We’re now deep enough into the lifespan of the internet that a movie like Searching can use the familiar visual hallmarks of the “old internet” for laughs of audience recognition, or even emotional resonance. Aneesh Chaganty‘s film opens with the kind of virtuosic glide through digital lives that’s informed so many Google ads in recent years, but it also hits on a key truth that most films made thus far about the internet tend to miss: there’s not the true disconnect between real lives and digital lives that most people think there is. In just a few minutes, on a Windows XP backdrop, a love story becomes a tragedy, and there are photos and searches and links and AIM conversations that play key roles at every step.
Some time after, the screen is still full, but more solitary. Now, David (John Cho) clicks through distractions while trying to find some sense of purpose, after losing his wife to lymphoma. His only present one is to look after his 16-year-old daughter Margot (Michelle La), but even that’s strained at best. David and Margot are both grieving, but not with one another. They keep to themselves, David re-living his better life before things went wrong while Margot disappears into a world of her own, as teenagers tend to do. One night, David goes to sleep and wakes up to every parent’s worst nightmare: three missed calls, all made in succession in the middle of the night, and the sound of Margot’s phone going straight to voicemail.
First, David assumes Margot just left early for school. Then he gets angry that she’d let her dad wait around in a state of panic for so long. Then he realizes that her laptop is on the counter, along with all her things, and that something has gone terribly wrong. From there, Searching becomes a modern rendition of the amateur detective genre, as David works furiously alongside Detective Vick (Debra Messing) to find Margot before he starts to fear the worst. Chaganty frames the action as a sprint through the digital world in all of its highs and lows; the entirety of Searching unfolds across screens, and it’s a testament to how well-made the film is that the mystery always remains far more engrossing than the showy gimmick.
As gimmicks go, Searching at least goes out of its way to make the most of its central conceit. It’s not the first film to use the space of a computer screen as a blank canvas for action (Unfriended, Open Windows), but Juan Sebastian Baron’s cinematography manages to alleviate the natural tedium of staring at the internet using dynamic zooms and pans. The film often manages to conjure up the sensations of closely analyzing a photograph on a website, or obsessing over the particular phrasings of a text message, and that’s where Searching finds so many of its most thrilling beats. Cho is an endlessly evocative performer, and even if he seems an odd fit for the bumbling, adrift father he’s tasked with putting across at times, his reactive performance (often partitioned off to a small part of the screen through a FaceTime chat next to another browser window) goes a long way in putting over the drama of the film’s increasingly twist-heavy race against the clock.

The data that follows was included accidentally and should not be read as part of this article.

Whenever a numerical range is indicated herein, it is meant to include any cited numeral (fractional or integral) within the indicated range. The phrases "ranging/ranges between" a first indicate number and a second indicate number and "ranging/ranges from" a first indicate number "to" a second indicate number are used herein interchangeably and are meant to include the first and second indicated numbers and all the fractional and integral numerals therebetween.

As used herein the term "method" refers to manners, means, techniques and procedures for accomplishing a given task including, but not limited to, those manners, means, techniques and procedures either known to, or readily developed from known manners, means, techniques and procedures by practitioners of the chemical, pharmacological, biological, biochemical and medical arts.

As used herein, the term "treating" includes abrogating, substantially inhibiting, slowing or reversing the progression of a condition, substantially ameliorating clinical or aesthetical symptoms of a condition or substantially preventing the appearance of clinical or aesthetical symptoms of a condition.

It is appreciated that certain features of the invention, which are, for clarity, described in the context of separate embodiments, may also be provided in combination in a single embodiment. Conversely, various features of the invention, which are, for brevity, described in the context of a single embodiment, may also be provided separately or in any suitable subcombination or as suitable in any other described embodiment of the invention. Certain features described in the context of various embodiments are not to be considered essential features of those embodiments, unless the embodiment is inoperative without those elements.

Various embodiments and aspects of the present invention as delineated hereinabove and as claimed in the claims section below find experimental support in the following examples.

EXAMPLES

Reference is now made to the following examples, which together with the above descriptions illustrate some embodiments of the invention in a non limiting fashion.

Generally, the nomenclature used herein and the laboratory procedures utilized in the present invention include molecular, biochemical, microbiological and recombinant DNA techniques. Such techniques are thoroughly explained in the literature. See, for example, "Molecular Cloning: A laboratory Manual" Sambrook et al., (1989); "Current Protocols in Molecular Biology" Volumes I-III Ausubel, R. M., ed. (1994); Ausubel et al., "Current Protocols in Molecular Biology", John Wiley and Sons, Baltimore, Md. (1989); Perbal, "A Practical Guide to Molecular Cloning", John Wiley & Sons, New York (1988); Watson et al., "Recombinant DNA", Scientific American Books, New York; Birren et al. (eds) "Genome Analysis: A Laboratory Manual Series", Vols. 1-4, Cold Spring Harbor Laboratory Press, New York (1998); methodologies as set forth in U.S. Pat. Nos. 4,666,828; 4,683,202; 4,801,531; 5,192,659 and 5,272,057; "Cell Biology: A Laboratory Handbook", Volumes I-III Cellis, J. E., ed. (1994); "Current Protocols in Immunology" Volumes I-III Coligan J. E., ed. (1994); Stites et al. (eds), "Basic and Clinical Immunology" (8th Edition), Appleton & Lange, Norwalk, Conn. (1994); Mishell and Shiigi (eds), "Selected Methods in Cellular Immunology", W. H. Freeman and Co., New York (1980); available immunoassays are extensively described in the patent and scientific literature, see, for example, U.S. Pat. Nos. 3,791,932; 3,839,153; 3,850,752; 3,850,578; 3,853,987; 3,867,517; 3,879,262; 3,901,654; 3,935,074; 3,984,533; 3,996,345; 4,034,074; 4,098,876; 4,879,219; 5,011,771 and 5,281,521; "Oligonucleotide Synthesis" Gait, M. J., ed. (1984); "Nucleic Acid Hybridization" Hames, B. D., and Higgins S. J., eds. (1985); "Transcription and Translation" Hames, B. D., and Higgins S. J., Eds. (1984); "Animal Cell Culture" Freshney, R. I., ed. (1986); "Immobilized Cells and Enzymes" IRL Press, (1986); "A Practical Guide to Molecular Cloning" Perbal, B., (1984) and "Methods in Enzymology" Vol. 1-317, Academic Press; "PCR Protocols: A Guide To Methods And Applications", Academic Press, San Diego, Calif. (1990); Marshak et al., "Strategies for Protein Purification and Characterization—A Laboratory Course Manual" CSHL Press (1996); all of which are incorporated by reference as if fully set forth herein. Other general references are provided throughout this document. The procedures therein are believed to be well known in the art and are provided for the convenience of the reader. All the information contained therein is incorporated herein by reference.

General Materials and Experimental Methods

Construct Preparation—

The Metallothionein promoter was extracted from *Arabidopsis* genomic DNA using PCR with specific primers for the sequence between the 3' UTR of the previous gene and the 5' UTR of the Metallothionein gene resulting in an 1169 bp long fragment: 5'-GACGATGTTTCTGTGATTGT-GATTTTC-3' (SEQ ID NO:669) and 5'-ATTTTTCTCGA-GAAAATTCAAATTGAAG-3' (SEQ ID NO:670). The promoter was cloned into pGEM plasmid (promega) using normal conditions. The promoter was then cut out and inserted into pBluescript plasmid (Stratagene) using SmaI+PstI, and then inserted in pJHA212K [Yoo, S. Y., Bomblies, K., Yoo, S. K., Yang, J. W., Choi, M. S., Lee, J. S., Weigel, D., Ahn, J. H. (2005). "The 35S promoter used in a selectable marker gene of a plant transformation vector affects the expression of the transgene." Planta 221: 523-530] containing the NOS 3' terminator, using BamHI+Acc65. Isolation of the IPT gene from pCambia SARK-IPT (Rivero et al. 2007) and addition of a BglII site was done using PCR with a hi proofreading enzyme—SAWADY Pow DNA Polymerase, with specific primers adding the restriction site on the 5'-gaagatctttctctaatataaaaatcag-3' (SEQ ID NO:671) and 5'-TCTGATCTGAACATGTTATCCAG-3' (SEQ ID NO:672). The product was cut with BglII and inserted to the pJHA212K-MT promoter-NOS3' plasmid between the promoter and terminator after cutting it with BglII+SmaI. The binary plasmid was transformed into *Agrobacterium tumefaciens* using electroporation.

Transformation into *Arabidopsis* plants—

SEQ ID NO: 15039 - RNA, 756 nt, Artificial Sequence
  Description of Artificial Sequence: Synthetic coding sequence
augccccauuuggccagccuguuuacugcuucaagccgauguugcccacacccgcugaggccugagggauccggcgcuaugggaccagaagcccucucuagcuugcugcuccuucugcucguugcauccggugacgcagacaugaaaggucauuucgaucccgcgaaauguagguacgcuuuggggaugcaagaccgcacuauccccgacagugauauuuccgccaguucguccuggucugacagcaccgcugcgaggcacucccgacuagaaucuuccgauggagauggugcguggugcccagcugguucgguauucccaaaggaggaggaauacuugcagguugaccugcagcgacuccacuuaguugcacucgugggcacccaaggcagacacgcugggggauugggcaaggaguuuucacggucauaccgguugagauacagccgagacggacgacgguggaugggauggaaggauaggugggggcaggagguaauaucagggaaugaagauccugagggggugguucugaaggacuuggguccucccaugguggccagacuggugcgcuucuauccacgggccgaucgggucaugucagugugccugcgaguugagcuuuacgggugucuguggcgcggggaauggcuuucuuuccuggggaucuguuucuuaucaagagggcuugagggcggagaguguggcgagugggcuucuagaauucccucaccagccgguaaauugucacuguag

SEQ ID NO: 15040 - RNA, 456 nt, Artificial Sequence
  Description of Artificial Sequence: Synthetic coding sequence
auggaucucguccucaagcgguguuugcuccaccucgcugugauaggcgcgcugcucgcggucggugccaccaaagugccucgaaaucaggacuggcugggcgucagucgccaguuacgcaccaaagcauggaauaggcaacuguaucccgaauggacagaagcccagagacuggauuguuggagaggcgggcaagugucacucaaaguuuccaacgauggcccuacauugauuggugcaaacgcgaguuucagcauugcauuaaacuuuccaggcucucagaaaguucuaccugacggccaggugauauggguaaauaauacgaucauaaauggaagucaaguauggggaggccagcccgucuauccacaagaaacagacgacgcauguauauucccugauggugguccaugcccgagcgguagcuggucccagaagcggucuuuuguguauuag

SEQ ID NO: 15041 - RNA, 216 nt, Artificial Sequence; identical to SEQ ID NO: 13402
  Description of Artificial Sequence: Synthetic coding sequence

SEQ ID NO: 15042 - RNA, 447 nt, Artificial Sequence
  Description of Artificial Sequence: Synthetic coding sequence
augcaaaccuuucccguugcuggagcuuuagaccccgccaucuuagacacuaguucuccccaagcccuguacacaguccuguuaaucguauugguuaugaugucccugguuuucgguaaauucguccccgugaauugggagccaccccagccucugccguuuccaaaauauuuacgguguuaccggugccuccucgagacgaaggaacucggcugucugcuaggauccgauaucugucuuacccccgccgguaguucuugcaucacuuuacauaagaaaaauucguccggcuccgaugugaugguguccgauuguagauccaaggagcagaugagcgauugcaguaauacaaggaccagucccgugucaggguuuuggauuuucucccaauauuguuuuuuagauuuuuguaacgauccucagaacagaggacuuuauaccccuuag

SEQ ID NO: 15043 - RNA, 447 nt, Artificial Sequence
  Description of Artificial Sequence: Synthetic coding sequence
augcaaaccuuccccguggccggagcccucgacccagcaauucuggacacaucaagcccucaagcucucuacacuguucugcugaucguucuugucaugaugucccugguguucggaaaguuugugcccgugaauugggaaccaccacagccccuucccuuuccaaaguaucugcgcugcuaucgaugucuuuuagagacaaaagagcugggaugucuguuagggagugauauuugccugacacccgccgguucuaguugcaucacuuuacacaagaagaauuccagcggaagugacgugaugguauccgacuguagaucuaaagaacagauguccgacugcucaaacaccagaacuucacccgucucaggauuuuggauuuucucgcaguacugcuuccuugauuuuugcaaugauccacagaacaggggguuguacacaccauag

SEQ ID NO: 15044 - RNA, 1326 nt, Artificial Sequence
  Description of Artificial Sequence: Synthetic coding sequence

Searching is more focused on style and presentation than anything else, which is probably just as well given that its story of a father and cop piecing together a missing persons case is nothing if not familiar. Yet when it leans into the unique ways in which people interact online (alone or with others), it finds distinctive new ways to tell that familiar story. There’s a lot of weight to a loving message of family affirmation being typed and then deleted, or a suspicious glance off-camera during a conversation, even in our own lives. Chaganty and his co-writer Sev Ohanian fill every corner of the film with these brief moments, and it’s better off for it, as those moments are what make the film feel most distinctive against its generic trappings. There’s a strong sense of earned sentiment to David’s relationship with his daughter, and it accomplishes a great deal in terms of establishing the film’s stakes as the plot races along.
It’s not easy to make the internet cinematic, but Searching breaks new ground in taking the passive motions of being online and making them active, Chaganty frequently pushing Cho to the foreground as he pores over video updates or the kind of tiny linguistic minutiae that could be the different between bringing Margot home and losing her for good. This is a traditional thriller, with all of the red herrings and shocking revelations expected therein, but one that offers a fresh spin on time-tested material. More than anything, Searching hits on an eerie truth about our world: every answer we seek is right in front of us, but there’s so much to wade through that we could miss it altogether.